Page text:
David Blight will take part in the colloquium “Liberty and Responsibility in the Political Thought of Frederick Douglass,” sponsored by the Liberty Fund, Inc. in Indianapolis, IN., March 9-12, 2017. This event is invitation only and will not be open to the general public.
This Liberty Fund colloquium will examine how after escaping from slavery at the age of twenty, Frederick Douglass devoted nearly six decades in public life to writing, speaking, and otherwise agitating on behalf of universal liberty. His case for freedom is remarkable because he was able to draw on his experiences as a slave to defend the idea that all human beings ought to enjoy the rights promised in the Declaration of Independence. Although the abolition of slavery was Douglass’s most urgent task, his work as an author, lecturer, and newspaper editor extended to many other issues, including the rights of women, temperance, and “the labor question,” as well as many general questions of political philosophy, such as the moral acceptability of violence in pursuit of a just cause, the virtues necessary to maintain a republic, and the characteristics of a true statesman. The colloquium will engage in a deep, careful reading of one of the most brilliant minds of nineteenth-century American life. The focus of the discussion is not merely scholarly; that is, as interested as we are in the content and context of the readings, our principal interest is their relationship to individual liberty and responsibility.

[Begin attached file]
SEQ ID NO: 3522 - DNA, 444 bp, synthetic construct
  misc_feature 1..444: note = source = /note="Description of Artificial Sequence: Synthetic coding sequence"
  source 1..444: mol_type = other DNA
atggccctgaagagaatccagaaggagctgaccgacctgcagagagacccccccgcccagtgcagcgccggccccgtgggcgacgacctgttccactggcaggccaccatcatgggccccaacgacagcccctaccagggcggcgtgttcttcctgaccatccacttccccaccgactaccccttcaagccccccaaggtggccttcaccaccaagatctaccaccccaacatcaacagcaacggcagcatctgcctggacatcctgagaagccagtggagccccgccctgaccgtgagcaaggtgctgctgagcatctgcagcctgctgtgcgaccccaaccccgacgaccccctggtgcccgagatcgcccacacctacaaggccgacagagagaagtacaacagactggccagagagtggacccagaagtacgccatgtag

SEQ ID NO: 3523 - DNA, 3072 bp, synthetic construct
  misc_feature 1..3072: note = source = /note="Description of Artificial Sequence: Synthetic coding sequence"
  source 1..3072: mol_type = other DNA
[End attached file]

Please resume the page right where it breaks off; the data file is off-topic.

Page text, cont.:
For more information about Liberty Fund Colloquiums: http://www.libertyfund.org/history.html
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